Lee Hills has had a storied career as a web developer and designer. Over his decade-long career, he’s created products for himself and clients alike – all without using code! Read on to hear why Lee turned to Bubble in recent years, and how he’s used Building in Public as a tool to grow his businesses.
What were you doing before you discovered no-code?
I am based in the UK and have spent the last 10 years freelancing online creating animated video content for my clients. I have spent most of my career in design and web development and previously worked in tools like Dreamweaver, Flash, Adobe Director, and WordPress, somehow dodging the need (and desire) to learn to code!
How did you discover no-code tools like Bubble?
I discovered Bubble around 2014, when I Googled "how to build software without code." I was trying to figure out a way to make my own explainer animation software without the need for a developer, like a DIY Canva-style animation tool. However, I did not pursue the project and went a different route, finding myself back with Bubble years later. Prior to Bubble, I also built a tool using landbot.io that helps aspiring camper van owners figure out which van to get for camper conversion.
So what brought you back to Bubble?
I was working on projects which required outsourcing to other freelancers, and I was finding my own systems to onboard new freelancers were too time consuming. I wanted a way to quickly share the different apps in my freelance business with other freelancers. So I had idea for a dashboard to quickly add and share a freelance stack. For example, a user could add Canva, Notion, Google Docs, Unsplash, etc., and share a link with a description on how to use each tool. I started to learn Bubble at the beginning of the pandemic to help me make this idea a reality.
What have been your most exciting Bubble projects?
My most exciting project without a doubt has been LaunchStash, which I built with my co-founder (and now good friend) Edmund Amoye. Edmund and I met via Twitter and quickly discovered we shared an interest in making affiliate links easier to share. For example, creators often introduce each other to new tools but lacked an easy way to access all of their referral links to share with other makers and receive potential perks or commissions. So we decided to team up to create a platform for makers to save, store, and share affiliate links.
Edmund and I launched LaunchStash by sharing our build process in public. We started with a series of tweets asking fellow makers if they could relate to the problem we were seeing with affiliate links, then followed up with commitment to build a solution.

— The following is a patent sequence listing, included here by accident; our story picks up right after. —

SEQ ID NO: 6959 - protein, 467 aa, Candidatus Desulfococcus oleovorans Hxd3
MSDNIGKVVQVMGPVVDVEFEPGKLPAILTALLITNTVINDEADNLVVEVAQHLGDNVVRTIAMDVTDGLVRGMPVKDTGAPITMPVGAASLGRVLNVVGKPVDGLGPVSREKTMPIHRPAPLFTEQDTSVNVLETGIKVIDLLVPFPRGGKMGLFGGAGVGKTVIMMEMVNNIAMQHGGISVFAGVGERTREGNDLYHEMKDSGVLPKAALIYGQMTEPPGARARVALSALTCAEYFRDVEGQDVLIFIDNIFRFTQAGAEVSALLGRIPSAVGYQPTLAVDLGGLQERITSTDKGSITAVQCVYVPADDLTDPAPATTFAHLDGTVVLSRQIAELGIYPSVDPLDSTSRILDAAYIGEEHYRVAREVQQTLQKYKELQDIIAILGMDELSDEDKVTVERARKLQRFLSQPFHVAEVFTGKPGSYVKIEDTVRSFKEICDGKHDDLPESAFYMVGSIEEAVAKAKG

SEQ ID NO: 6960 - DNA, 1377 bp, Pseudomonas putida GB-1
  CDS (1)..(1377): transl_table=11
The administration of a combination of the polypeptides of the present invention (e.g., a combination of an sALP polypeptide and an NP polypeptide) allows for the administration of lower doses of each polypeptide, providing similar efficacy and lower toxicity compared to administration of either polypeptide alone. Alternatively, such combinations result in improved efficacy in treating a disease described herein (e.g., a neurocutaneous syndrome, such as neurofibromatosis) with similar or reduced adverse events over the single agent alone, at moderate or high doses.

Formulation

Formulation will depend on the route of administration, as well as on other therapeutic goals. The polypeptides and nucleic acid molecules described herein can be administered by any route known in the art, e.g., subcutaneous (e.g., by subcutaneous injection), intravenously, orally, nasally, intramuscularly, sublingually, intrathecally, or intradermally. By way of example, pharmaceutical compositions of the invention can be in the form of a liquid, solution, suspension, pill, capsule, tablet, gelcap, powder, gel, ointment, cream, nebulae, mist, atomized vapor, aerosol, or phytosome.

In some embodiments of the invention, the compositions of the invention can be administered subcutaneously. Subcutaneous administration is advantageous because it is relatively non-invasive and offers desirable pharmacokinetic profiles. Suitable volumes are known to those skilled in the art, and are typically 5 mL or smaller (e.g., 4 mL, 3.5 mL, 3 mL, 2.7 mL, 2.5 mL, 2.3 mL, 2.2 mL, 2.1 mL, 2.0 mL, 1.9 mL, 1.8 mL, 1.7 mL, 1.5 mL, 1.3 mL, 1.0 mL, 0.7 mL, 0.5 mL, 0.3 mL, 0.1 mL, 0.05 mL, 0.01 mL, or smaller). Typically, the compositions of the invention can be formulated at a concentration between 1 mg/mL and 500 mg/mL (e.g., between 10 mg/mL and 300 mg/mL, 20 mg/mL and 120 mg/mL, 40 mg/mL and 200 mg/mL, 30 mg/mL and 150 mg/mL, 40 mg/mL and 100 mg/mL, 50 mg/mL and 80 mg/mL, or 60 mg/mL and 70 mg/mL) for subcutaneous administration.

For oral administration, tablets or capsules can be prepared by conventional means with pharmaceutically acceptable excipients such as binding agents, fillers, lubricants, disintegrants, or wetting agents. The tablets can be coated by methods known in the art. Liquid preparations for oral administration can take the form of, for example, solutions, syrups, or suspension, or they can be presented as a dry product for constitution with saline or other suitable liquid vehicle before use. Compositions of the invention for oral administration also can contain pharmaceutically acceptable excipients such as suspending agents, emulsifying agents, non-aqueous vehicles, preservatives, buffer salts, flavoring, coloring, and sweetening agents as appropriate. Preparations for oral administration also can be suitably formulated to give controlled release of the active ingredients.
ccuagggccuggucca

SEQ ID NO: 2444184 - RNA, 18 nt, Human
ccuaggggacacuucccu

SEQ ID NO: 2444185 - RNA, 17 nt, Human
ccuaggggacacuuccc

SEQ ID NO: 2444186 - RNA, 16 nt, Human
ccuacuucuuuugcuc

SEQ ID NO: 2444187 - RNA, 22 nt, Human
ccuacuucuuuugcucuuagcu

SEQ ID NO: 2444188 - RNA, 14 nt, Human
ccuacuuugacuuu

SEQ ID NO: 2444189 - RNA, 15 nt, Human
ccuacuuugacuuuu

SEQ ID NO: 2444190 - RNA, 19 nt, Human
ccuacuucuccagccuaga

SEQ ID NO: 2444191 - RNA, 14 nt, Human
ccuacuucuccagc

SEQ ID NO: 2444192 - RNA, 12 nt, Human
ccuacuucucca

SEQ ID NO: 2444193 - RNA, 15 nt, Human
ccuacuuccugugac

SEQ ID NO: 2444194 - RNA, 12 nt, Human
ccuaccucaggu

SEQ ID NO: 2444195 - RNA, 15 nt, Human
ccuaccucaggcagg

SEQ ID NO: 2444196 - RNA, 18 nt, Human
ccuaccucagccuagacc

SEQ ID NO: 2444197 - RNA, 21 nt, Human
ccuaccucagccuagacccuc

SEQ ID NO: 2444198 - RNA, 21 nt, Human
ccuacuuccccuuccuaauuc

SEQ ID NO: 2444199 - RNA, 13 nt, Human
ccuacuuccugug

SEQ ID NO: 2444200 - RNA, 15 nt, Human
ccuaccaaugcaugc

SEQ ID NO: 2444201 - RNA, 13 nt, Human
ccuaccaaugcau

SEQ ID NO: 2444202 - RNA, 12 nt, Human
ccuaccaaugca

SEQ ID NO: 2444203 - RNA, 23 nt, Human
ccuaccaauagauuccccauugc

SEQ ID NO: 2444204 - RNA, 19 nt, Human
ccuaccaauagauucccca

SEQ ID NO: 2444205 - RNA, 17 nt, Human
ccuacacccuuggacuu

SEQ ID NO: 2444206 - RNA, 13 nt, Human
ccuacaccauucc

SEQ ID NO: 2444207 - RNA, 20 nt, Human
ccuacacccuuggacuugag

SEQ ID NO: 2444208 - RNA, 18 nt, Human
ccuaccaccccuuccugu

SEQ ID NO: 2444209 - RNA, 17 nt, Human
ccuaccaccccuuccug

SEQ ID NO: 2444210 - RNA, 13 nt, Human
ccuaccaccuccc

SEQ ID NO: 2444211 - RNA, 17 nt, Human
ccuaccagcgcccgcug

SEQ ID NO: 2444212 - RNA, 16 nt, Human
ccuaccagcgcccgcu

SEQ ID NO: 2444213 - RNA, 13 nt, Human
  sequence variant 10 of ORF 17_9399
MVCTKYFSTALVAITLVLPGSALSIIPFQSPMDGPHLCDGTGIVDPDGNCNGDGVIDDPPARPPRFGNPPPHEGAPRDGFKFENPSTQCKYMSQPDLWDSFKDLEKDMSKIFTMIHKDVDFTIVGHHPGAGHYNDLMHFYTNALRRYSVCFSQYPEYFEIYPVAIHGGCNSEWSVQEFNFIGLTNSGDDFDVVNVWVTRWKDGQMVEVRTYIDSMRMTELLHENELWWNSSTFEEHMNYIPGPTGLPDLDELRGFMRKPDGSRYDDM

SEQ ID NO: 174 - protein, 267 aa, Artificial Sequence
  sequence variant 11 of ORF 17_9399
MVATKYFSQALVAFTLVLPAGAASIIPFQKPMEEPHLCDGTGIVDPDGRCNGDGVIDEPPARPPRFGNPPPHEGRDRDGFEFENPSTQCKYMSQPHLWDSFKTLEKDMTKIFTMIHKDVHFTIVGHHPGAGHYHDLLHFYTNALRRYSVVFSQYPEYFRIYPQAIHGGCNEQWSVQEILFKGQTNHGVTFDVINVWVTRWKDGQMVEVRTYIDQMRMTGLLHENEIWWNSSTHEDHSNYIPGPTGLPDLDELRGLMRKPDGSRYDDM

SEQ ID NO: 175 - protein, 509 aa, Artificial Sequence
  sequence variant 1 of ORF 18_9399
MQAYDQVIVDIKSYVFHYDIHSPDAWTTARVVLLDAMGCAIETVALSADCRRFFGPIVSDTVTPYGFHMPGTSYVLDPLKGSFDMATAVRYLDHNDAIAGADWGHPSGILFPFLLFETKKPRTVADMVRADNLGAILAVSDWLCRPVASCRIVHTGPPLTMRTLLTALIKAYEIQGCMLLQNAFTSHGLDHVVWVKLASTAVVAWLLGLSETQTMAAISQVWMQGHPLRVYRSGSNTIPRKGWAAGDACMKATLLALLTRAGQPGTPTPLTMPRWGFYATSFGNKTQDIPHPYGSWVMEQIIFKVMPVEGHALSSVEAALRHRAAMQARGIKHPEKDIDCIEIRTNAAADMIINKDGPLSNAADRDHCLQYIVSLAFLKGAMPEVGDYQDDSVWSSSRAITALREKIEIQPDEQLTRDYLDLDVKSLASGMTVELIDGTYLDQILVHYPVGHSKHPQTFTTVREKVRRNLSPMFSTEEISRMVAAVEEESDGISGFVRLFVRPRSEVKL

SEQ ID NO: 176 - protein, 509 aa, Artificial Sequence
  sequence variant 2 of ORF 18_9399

Edmund is based in Atlanta, Georgia, and I am based in the UK, so we would meet three times a week via Zoom and work late into the night, on-the-fly figuring out how to build the features LaunchStash early adopters were requesting. The project was exciting: In just 30 days of building with Bubble, we were able to publicly launch an early version of LaunchStash. Since its inception, more than 800 stashes have been created by users on LaunchStash. One year in, Edmund and I still meet every week and have other LaunchStash products in the pipeline.
Where did you find resources to help you as you began learning Bubble?
My own learning process is to learn while taking action on a project. So I would go to YouTube and search for the area of Bubble I was trying to learn, or ask the Bubble Twitter community (who are extremely generous in providing help). I would also sometimes check the Bubble forum.
Do you have advice for folks just starting out on their Bubble journey?
The route that worked for me was to just pick a project and then figure out how to build it as I went along. So my suggestion is to pick a project and then commit and find the resources to learn for the stage you are at. You do not need to fully understand Bubble before you begin building, as there is always something new to learn in Bubble! Start with a project!
How much experience did you have Building in Public prior to the launch of this campaign?
I was familiar with the concept of Build in Public prior to the campaign; I have been following other creators who Build in Public. In fact, Edmund and I launched LaunchStash while building the app in public However, prior to the campaign, I was rather dissatisfied with my own Build in Public content, mostly because I struggled to focus on one specific area of my own journey. This campaign has helped me focus and share my own #nocode Bubble journey specifically around Bubble jobs and freelance work opportunities.
How has Building in Public felt so far? Are there benefits or struggles?
The biggest struggle at the beginning was in honoring the commitment and coming up with Bubble-related things to share. I felt like Building in Public became easier the more I shared my own journey. I definitely have gotten better at Building in Public.
How has Building in Public been beneficial for you?
I have noticed an increase in engagement on my own Twitter profile. During the campaign, I started to become more and more interested in seeking out Bubble job opportunities for myself and other Bubble creators. This led me to create a weekly Bubble newsletter, where I share handpicked Bubble jobs from different job boards. It also led to me securing a new low-code Bubble developer role at a fin-tech firm based here in the UK.